THE AVERAGE TOTAL COST PER CASE of hyperketonemia: $289. The total cost per case of hyperketonemia for primiparous and multiparous animals was estimated at $375 and $256, respectively.  These figures came to light as the result of a study conducted by Cornell University that was published in the March 2015 issue of Journal of Dairy Science. Researchers noted that 41 percent of the total cost of HYK was due to the component cost of HYK, 33% to costs attributable to metritis and 26% to costs attributable to DA. The component cost per case of HYK was estimated at $134 and $111 for primiparous and multiparous animals, respectively, with the average component cost per case of HYK estimated to be $117. Thirty-four percent of the component cost of HYK was due to future reproductive losses, 26% to death loss, 26% to future milk production losses, 8% to future culling losses, 3% to therapeutics, 2% to labor and 1% to diagnostics. The researchers' conclusion: "The high total cost of HYK at reported incidences of 40% to 60% highlights the importance of appropriate transition cow nutrition and management to decrease the effect of HYK."


AS MARGINS CONTINUE TO SLIDE IN 2015, Virginia Ishler, Extension Dairy Specialist, Pennsylvania State University, urges dairy producers to evaluate rations. And, while nutrition may be the culprit when something goes wrong with production, Ishler stresses that the problem may not be the ration per se but forage quality and quantity and feeding management. Two questions always top of mind to her are 

  1. "What is the forage quality and how much can be fed?" which sets the stage on why rations may be formulated the way they are, and 
  2. "Why is that particular feed/ingredient/additive being fed?"

Noting that "monitoring an economic component is necessary to determine if a management strategy is working or not," Ishler provides a three-step action plan for monitoring rations using cash flow planning and income over feed costs. Check out her "Why Am I Feeding That" article online.  




Cozy Nook Farm was established in the mid-1800s in Goerke's Corners, a former unincorporated community in Brookfield, Wis. You could find it there until 1957, when the government declared it would be running a major interstate highway through the area. Today the farm is in Waukesha, only about five miles away.


"I call it farming in the 'burbs," says Tom Oberhaus.


Tom and his wife, Joan, along with their son, Charlie, run the diversified operation. They care for a herd of about 80 cows, mostly Brown Swiss and 10 to 15 Guernseys, and raise crops sold at retail on their expansive front lawn. Joan, who grew up on the farm, started selling pumpkins there when she was 5 years old.


"Her parents put four kids through college on pumpkin money," Tom says.


The family plants 255 acres of hay, corn and vegetables, and sells Christmas trees. The hay and corn feed the cows. The remaining crops feed the bottom line. But there's more to selling to local families than money.


"It's a great opportunity to spread the good word of agriculture," says Tom.

Tom Oberhaus and "Kardi"


Like all dairy farmers, the Oberhaus family is passionate about agriculture. They wouldn't trade it for the world. That passion led Tom and Joan to join Professional Dairy Producers right around the time the organization got started.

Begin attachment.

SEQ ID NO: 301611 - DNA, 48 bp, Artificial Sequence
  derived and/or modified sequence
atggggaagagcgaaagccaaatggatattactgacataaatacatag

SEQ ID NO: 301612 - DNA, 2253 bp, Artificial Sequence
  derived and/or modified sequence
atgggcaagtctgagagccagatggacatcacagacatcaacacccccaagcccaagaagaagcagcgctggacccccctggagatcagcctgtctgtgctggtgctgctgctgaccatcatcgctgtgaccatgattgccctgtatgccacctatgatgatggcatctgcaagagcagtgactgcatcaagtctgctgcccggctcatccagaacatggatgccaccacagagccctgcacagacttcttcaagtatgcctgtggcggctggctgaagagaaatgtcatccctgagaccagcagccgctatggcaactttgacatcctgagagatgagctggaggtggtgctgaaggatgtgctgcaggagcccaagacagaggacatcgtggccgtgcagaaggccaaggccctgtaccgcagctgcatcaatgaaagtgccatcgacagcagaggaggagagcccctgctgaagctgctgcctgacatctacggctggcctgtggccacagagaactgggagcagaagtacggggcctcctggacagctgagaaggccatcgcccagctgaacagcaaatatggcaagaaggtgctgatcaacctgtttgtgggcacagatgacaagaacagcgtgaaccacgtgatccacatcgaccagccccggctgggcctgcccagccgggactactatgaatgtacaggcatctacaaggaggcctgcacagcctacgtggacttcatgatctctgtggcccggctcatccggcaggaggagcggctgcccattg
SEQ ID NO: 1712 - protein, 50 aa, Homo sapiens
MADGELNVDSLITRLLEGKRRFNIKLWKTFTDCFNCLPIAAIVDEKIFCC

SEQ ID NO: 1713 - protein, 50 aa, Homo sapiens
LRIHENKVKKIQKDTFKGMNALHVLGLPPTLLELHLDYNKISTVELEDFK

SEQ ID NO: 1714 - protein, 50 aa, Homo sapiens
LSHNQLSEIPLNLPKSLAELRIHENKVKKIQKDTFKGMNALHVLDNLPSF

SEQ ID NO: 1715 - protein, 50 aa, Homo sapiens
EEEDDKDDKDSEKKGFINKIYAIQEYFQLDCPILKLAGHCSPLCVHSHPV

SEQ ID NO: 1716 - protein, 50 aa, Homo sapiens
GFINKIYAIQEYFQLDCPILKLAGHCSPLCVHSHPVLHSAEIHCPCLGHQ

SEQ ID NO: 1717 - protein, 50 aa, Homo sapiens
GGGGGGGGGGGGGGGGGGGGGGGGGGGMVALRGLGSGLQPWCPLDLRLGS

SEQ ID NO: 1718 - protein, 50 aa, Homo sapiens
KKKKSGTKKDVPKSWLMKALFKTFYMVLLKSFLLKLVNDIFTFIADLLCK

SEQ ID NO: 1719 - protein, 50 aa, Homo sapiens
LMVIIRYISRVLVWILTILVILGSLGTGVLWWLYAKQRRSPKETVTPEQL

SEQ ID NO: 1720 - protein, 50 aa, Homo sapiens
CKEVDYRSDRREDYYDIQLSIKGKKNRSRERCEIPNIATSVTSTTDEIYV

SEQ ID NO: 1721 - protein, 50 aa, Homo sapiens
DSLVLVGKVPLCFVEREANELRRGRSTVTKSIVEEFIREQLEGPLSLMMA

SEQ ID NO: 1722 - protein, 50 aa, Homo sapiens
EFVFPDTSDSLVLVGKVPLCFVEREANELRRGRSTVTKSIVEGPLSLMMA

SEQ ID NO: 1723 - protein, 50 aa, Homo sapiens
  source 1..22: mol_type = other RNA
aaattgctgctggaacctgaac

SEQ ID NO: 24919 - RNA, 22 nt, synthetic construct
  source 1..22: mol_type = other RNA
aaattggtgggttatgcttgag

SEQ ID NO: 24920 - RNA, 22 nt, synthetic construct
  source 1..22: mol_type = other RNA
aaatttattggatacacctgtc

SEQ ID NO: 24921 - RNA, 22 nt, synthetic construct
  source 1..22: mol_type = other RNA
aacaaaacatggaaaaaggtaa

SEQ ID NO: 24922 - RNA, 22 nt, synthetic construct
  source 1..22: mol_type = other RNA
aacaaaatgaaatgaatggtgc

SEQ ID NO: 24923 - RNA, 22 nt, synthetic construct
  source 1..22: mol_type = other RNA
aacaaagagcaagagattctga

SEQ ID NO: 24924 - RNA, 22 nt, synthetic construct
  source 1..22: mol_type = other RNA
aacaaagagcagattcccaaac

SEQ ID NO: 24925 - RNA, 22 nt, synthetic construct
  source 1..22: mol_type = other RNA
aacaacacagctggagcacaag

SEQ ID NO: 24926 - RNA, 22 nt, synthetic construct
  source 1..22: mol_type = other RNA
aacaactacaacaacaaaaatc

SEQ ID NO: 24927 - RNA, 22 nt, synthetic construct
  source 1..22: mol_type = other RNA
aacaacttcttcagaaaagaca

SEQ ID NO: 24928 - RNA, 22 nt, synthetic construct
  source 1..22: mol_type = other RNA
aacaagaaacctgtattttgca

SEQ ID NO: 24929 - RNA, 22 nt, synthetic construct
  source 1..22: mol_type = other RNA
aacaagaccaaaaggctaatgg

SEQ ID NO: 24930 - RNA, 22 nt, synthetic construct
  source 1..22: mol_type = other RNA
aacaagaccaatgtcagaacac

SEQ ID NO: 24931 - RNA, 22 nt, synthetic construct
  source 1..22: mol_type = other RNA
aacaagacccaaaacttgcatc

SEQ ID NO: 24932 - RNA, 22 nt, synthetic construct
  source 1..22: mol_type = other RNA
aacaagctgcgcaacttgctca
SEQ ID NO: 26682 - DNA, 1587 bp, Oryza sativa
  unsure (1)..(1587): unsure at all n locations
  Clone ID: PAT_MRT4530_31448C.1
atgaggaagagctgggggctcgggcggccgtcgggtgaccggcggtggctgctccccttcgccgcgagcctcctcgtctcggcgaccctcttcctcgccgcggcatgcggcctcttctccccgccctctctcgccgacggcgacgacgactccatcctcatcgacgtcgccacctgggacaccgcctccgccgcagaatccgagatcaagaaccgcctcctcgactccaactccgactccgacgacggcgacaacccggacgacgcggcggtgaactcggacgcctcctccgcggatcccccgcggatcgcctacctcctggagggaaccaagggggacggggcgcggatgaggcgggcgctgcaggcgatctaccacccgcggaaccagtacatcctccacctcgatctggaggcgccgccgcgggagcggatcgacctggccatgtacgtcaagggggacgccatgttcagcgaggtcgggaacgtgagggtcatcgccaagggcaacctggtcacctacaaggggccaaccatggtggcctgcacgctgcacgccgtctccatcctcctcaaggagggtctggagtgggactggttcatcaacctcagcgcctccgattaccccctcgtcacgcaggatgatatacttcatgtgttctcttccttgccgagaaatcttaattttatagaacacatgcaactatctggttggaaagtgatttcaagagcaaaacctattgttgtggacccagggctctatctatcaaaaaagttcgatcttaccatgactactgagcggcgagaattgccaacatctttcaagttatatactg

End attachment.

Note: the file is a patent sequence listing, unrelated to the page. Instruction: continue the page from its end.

"It was a small group of positive people who said 'yes we can.' The biggest thing about PDPW in the early years was attitude. I liked the attitude," Tom says.


Today he describes PDPW as a group of people excited about the future of the dairy industry and whose enthusiasm is contagious. PDPW's reach and influence is broader than it was back when Tom and Joan joined. Yet one thing remains the same, Tom says: PDPW stands for positive attitudes about dairying, the need to educate ourselves, and the great youth we have.


Tom and Joan have worked with a lot of kids through 4-H, many of whom also attended PDPW's Youth Leadership Derby. Seven of those kids moved on to earn degrees in agriculture, making him and Joan very proud.


"That's been really, really rewarding to see some of 'our' kids graduate in dairy science and work in the industry."

For your business mind...   


IF YOU PROTECT YOUR HEALTH AND SAFETY, YOU'RE ULTIMATELY protecting your business. The National Farm Medicine Center urges dairies to identify hazards and address them with practical solutions. The NFMC's hazard checklist for chemicals includes making sure chemicals are stored in a locked room or cabinet, incompatible chemicals are stored separately and keeping chemicals in their original containers with labels intact and readable. Everyone using chemicals should read and understand the label, and everyone handling chemicals should undergo required safety training. In addition, all chemical handling and mixing should take place near an eyewash and safety shower.



BOOK REVIEW: FIVE GOOD MINUTES AT WORK: 100 MINDFUL PRACTICES TO HELP YOU RELIEVE STRESS AND BRING YOUR BEST TO WORK. Jeffrey Brantley, MD, and a consulting associate in the Department of Psychiatry at Duke University, partnered with stress-reduction consultant Wendy Millstine to assemble 100 mindfulness exercises and visualizations that help you stay focused and feel refreshed during your workday. Each exercise or visualization shared in the book can be tackled in just five minutes. These practices are designed to help you deal with everyday workload hassles, challenging co-workers, demanding bosses and more.  This is a great book to keep in your office desk, pull out when you need a break from the day-to-day grind and read one mindful practice at a time. As Harvard Health points out, "mindfulness improves well-being, physical health and mental health." Why not take a five-minute break from work, read one or two pages and relieve stress so you can bring your best to work.